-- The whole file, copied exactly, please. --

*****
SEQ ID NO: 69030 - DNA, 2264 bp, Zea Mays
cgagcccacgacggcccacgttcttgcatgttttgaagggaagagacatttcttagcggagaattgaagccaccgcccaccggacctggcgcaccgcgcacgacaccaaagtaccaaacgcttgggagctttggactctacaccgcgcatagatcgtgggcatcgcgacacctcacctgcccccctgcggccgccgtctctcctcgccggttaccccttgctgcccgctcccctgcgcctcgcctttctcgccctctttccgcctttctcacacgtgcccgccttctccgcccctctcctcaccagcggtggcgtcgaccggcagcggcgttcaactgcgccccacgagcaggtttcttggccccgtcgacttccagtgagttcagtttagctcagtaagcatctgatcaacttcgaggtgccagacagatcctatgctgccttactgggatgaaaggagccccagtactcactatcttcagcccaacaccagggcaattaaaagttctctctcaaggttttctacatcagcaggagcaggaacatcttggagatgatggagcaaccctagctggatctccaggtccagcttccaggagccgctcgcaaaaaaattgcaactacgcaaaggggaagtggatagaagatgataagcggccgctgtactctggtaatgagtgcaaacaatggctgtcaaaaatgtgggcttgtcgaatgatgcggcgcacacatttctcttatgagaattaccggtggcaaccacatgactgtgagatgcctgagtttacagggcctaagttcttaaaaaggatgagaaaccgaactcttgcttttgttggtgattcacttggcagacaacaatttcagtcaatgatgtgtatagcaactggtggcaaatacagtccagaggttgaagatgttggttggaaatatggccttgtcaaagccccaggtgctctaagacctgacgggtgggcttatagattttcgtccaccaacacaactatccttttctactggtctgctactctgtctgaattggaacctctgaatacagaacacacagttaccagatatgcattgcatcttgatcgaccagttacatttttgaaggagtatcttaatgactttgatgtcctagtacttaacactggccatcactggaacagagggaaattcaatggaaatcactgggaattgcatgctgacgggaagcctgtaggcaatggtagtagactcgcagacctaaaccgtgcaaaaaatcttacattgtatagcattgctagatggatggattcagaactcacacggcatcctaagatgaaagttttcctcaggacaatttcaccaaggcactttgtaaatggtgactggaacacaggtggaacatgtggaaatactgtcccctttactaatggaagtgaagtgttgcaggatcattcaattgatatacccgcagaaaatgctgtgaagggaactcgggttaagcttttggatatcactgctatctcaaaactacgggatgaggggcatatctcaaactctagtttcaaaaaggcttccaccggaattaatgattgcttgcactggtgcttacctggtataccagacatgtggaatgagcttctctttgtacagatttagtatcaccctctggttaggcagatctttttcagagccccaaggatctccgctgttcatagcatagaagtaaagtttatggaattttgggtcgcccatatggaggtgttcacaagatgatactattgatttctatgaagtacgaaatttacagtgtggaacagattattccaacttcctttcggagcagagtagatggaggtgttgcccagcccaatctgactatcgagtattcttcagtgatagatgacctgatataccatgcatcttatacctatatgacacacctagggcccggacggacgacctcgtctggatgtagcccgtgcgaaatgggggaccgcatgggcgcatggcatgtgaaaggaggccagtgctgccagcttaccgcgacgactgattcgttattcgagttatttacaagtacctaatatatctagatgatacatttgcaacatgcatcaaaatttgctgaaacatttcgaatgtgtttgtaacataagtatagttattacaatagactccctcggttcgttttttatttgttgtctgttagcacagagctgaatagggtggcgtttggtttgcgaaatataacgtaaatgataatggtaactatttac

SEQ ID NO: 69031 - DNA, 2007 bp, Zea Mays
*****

SEQ ID NO: 69030 - DNA, 2264 bp, Zea Mays
cgagcccacgacggcccacgttcttgcatgttttgaagggaagagacatttcttagcggagaattgaagccaccgcccaccggacctggcgcaccgcgcacgacaccaaagtaccaaacgcttgggagctttggactctacaccgcgcatagatcgtgggcatcgcgacacctcacctgcccccctgcggccgccgtctctcctcgccggttaccccttgctgcccgctcccctgcgcctcgcctttctcgccctctttccgcctttctcacacgtgcccgccttctccgcccctctcctcaccagcggtggcgtcgaccggcagcggcgttcaactgcgccccacgagcaggtttcttggccccgtcgacttccagtgagttcagtttagctcagtaagcatctgatcaacttcgaggtgccagacagatcctatgctgccttactgggatgaaaggagccccagtactcactatcttcagcccaacaccagggcaattaaaagttctctctcaaggttttctacatcagcaggagcaggaacatcttggagatgatggagcaaccctagctggatctccaggtccagcttccaggagccgctcgcaaaaaaattgcaactacgcaaaggggaagtggatagaagatgataagcggccgctgtactctggtaatgagtgcaaacaatggctgtcaaaaatgtgggcttgtcgaatgatgcggcgcacacatttctcttatgagaattaccggtggcaaccacatgactgtgagatgcctgagtttacagggcctaagttcttaaaaaggatgagaaaccgaactcttgcttttgttggtgattcacttggcagacaacaatttcagtcaatgatgtgtatagcaactggtggcaaatacagtccagaggttgaagatgttggttggaaatatggccttgtcaaagccccaggtgctctaagacctgacgggtgggcttatagattttcgtccaccaacacaactatccttttctactggtctgctactctgtctgaattggaacctctgaatacagaacacacagttaccagatatgcattgcatcttgatcgaccagttacatttttgaaggagtatcttaatgactttgatgtcctagtacttaacactggccatcactggaacagagggaaattcaatggaaatcactgggaattgcatgctgacgggaagcctgtaggcaatggtagtagactcgcagacctaaaccgtgcaaaaaatcttacattgtatagcattgctagatggatggattcagaactcacacggcatcctaagatgaaagttttcctcaggacaatttcaccaaggcactttgtaaatggtgactggaacacaggtggaacatgtggaaatactgtcccctttactaatggaagtgaagtgttgcaggatcattcaattgatatacccgcagaaaatgctgtgaagggaactcgggttaagcttttggatatcactgctatctcaaaactacgggatgaggggcatatctcaaactctagtttcaaaaaggcttccaccggaattaatgattgcttgcactggtgcttacctggtataccagacatgtggaatgagcttctctttgtacagatttagtatcaccctctggttaggcagatctttttcagagccccaaggatctccgctgttcatagcatagaagtaaagtttatggaattttgggtcgcccatatggaggtgttcacaagatgatactattgatttctatgaagtacgaaatttacagtgtggaacagattattccaacttcctttcggagcagagtagatggaggtgttgcccagcccaatctgactatcgagtattcttcagtgatagatgacctgatataccatgcatcttatacctatatgacacacctagggcccggacggacgacctcgtctggatgtagcccgtgcgaaatgggggaccgcatgggcgcatggcatgtgaaaggaggccagtgctgccagcttaccgcgacgactgattcgttattcgagttatttacaagtacctaatatatctagatgatacatttgcaacatgcatcaaaatttgctgaaacatttcgaatgtgtttgtaacataagtatagttattacaatagactccctcggttcgttttttatttgttgtctgttagcacagagctgaatagggtggcgtttggtttgcgaaatataacgtaaatgataatggtaactatttac

SEQ ID NO: 69031 - DNA, 2007 bp, Zea Mays